Application of molecular technologies for phosphoproteomic analysis of clinical samples

M. Pierobon, J. Wulfkuhle, L. Liotta, E. Petricoin*

*Corresponding author for this work

Research output: Contribution to journalArticlepeer-review

63 Scopus citations


The integration of small kinase inhibitors and monoclonal antibodies into oncological practice has opened a new paradigm for treating cancer patients. As proteins are the direct targets of the new generations of targeted therapeutics, many of which are kinase/enzymatic inhibitors, there is an increasing interest in developing technologies capable of monitoring post-translational changes of the human proteome for the identification of new predictive, prognostic and therapeutic biomarkers. It is well known that the vast majority of the activation/deactivation of these drug targets is driven by phosphorylation. This review provides a description of the main proteomic platforms (planar and bead array, reverse phase protein microarray, phosphoflow, AQUA and mass spectrometry) that have successfully been used for measuring changes in phosphorylation level of drug targets and downstream substrates using clinical specimens. Major emphasis was given to the strengths and weaknesses of the different platforms and to the major barriers that are associated with the analysis of the phosphoproteome. Finally, a number of examples of application of the above-mentioned technologies in the clinical setting are reported.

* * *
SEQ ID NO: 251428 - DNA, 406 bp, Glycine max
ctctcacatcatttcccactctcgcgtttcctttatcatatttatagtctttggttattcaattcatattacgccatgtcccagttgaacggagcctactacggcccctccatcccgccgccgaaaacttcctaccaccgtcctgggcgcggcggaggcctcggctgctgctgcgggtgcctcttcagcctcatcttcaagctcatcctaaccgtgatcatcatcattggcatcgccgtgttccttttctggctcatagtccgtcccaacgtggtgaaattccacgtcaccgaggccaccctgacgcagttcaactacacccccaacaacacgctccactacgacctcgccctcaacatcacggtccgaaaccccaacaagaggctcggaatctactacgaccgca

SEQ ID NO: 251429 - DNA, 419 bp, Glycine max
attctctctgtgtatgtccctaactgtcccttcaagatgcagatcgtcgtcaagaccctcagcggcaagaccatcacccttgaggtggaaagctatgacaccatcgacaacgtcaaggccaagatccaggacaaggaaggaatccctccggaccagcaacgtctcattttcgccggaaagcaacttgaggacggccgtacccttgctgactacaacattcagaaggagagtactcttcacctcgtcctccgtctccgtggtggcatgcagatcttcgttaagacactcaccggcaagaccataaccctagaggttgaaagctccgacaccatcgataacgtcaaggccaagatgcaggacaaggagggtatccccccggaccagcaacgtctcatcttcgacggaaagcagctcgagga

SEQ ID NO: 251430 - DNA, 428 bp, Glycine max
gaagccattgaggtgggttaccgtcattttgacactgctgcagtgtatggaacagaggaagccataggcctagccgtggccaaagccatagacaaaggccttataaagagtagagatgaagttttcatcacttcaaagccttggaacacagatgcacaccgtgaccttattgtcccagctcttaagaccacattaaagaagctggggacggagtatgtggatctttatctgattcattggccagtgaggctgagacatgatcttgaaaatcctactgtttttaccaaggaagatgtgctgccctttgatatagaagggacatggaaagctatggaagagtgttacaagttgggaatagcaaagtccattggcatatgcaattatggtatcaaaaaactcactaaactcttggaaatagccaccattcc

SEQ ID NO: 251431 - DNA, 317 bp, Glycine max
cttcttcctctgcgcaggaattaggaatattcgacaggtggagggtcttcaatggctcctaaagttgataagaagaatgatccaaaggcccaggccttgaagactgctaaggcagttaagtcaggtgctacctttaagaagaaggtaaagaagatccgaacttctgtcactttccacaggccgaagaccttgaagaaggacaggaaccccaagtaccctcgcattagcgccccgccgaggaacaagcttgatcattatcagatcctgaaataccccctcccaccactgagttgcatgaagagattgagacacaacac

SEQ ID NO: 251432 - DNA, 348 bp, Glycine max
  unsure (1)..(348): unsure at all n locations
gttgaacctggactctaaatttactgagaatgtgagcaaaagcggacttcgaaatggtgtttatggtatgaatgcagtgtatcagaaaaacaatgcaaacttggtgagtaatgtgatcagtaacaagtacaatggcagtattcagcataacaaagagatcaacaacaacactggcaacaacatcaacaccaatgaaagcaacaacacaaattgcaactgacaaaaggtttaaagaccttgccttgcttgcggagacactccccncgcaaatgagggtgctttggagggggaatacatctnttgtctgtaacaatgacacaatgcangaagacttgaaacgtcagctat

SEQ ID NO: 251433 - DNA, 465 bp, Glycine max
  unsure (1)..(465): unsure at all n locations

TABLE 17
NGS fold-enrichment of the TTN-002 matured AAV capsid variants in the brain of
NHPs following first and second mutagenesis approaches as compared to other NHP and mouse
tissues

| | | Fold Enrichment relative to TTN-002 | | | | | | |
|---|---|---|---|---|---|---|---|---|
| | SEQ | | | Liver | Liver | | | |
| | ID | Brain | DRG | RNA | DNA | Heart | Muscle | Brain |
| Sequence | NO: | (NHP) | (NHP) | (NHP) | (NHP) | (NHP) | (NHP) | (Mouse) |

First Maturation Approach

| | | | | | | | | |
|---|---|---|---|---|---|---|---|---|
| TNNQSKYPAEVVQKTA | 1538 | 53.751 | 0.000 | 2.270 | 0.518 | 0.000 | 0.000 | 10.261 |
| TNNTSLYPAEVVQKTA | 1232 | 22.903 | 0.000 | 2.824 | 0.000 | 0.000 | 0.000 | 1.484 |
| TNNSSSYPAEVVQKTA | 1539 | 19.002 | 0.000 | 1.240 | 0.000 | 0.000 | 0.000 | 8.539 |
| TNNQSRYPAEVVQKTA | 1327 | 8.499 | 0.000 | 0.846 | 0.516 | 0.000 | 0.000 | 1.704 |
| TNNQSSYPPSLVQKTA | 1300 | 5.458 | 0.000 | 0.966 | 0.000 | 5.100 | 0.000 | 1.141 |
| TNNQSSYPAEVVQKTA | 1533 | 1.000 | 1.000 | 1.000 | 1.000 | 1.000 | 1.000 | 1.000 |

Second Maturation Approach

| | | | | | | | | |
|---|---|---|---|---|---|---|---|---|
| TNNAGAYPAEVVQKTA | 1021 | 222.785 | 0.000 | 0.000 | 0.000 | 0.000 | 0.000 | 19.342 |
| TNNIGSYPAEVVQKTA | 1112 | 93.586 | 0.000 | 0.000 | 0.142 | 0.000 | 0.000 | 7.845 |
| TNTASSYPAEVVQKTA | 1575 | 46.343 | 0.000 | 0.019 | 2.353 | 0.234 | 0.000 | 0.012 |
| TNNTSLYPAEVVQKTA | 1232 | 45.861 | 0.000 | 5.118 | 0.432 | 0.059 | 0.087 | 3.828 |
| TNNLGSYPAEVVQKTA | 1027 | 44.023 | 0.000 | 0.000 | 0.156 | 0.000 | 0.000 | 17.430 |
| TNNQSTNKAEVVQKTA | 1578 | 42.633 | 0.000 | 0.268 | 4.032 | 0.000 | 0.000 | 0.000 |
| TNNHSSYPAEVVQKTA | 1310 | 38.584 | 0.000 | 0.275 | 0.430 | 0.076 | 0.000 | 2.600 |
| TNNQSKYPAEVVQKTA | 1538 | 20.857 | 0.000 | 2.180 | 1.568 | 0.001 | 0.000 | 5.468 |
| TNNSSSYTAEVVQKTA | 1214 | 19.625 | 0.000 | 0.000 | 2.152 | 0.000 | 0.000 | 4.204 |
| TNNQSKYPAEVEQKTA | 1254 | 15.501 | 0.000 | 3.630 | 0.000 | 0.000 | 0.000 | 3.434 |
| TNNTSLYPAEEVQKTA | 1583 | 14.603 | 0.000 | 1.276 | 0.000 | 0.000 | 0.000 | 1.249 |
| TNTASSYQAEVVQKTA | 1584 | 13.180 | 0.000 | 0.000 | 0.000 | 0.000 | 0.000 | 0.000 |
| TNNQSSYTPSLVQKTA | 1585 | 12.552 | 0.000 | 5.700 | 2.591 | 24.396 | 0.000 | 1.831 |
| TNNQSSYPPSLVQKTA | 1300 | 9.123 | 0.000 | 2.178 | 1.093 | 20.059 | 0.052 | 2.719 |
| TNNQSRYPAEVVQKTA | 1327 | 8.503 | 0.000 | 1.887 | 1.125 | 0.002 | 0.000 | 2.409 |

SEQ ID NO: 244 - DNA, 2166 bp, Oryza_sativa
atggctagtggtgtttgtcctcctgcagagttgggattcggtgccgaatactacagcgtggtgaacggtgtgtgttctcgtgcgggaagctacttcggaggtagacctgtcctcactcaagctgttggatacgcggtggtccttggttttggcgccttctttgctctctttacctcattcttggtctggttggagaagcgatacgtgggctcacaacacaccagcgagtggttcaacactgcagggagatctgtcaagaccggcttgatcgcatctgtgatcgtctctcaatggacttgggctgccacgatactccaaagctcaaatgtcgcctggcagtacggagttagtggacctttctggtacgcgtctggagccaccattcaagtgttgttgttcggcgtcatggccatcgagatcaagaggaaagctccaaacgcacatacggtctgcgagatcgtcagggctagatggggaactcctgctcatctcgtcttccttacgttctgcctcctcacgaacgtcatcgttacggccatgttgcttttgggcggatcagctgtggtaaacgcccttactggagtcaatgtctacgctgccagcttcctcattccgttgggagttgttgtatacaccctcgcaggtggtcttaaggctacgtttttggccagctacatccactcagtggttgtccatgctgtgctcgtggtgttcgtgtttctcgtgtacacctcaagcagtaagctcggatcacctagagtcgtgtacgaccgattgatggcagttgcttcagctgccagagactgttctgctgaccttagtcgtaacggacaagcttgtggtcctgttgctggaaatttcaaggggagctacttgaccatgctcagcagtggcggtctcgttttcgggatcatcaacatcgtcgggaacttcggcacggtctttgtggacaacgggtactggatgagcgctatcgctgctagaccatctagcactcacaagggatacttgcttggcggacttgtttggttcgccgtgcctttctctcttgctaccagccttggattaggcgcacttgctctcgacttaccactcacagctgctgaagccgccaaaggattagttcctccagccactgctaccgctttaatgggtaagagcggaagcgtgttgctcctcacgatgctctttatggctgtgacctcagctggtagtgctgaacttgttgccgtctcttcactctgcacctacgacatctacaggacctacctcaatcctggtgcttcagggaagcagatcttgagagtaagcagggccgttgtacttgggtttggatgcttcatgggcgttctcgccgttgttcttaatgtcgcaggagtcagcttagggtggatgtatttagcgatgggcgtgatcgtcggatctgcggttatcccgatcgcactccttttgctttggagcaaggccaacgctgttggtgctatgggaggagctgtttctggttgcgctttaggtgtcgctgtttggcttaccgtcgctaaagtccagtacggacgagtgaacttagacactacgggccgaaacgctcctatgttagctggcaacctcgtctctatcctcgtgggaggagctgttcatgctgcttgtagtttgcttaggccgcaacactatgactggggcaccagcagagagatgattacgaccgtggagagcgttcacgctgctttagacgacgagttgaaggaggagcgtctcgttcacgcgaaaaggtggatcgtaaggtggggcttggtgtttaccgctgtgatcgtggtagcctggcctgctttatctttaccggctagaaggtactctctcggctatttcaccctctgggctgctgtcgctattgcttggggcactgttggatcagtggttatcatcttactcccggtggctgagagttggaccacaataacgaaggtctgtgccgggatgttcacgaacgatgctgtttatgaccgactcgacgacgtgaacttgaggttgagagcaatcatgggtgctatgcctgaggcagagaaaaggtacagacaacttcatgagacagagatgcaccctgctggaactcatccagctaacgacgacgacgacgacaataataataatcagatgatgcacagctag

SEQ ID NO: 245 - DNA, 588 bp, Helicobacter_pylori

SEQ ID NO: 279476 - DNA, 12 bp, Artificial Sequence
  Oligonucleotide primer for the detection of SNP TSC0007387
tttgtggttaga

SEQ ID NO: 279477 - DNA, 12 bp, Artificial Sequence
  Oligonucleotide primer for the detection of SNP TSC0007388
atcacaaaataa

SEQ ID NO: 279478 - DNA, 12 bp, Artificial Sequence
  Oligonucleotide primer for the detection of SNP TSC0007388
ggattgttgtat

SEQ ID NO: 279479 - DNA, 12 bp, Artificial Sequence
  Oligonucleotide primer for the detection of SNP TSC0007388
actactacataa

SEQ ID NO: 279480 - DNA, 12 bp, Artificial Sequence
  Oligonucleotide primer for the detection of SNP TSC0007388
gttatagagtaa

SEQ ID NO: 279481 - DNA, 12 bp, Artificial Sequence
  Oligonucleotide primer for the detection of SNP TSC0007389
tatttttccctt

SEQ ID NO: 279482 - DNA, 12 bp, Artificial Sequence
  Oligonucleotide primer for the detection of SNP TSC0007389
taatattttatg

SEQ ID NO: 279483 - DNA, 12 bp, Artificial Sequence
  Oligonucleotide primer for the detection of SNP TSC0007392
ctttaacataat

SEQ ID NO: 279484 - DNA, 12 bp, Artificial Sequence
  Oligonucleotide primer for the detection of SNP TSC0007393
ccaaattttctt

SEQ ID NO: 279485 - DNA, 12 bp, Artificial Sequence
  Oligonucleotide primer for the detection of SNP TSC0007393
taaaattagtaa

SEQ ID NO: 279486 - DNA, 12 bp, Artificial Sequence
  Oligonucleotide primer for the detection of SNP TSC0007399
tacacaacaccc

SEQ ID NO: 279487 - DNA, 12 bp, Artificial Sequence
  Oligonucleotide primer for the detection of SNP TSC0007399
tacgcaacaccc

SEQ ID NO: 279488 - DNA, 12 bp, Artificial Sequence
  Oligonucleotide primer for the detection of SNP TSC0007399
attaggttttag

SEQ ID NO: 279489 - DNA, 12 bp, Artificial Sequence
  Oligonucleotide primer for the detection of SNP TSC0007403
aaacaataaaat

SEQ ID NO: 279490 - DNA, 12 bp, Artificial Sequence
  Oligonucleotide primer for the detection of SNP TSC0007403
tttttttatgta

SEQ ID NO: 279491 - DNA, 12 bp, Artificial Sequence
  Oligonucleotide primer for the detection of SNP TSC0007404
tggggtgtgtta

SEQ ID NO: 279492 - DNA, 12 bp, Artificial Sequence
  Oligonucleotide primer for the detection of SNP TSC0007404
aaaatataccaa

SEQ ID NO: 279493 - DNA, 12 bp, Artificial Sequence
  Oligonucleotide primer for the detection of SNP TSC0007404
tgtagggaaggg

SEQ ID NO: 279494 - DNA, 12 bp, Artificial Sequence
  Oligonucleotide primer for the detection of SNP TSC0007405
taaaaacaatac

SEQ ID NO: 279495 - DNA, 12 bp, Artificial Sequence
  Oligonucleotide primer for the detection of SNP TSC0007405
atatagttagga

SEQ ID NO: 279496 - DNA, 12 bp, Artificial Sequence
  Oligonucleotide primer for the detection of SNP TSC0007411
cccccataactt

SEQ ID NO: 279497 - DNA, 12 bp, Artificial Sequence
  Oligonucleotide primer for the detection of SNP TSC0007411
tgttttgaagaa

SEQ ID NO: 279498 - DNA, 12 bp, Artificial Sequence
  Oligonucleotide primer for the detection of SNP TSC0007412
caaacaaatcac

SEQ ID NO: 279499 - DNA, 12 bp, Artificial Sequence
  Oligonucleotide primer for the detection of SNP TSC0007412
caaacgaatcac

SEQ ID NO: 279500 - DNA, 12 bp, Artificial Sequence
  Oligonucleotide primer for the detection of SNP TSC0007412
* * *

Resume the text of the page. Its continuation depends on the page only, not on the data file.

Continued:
Original languageEnglish
Pages (from-to)805-814
Number of pages10
Issue number7
StatePublished - 12 Feb 2015
Externally publishedYes


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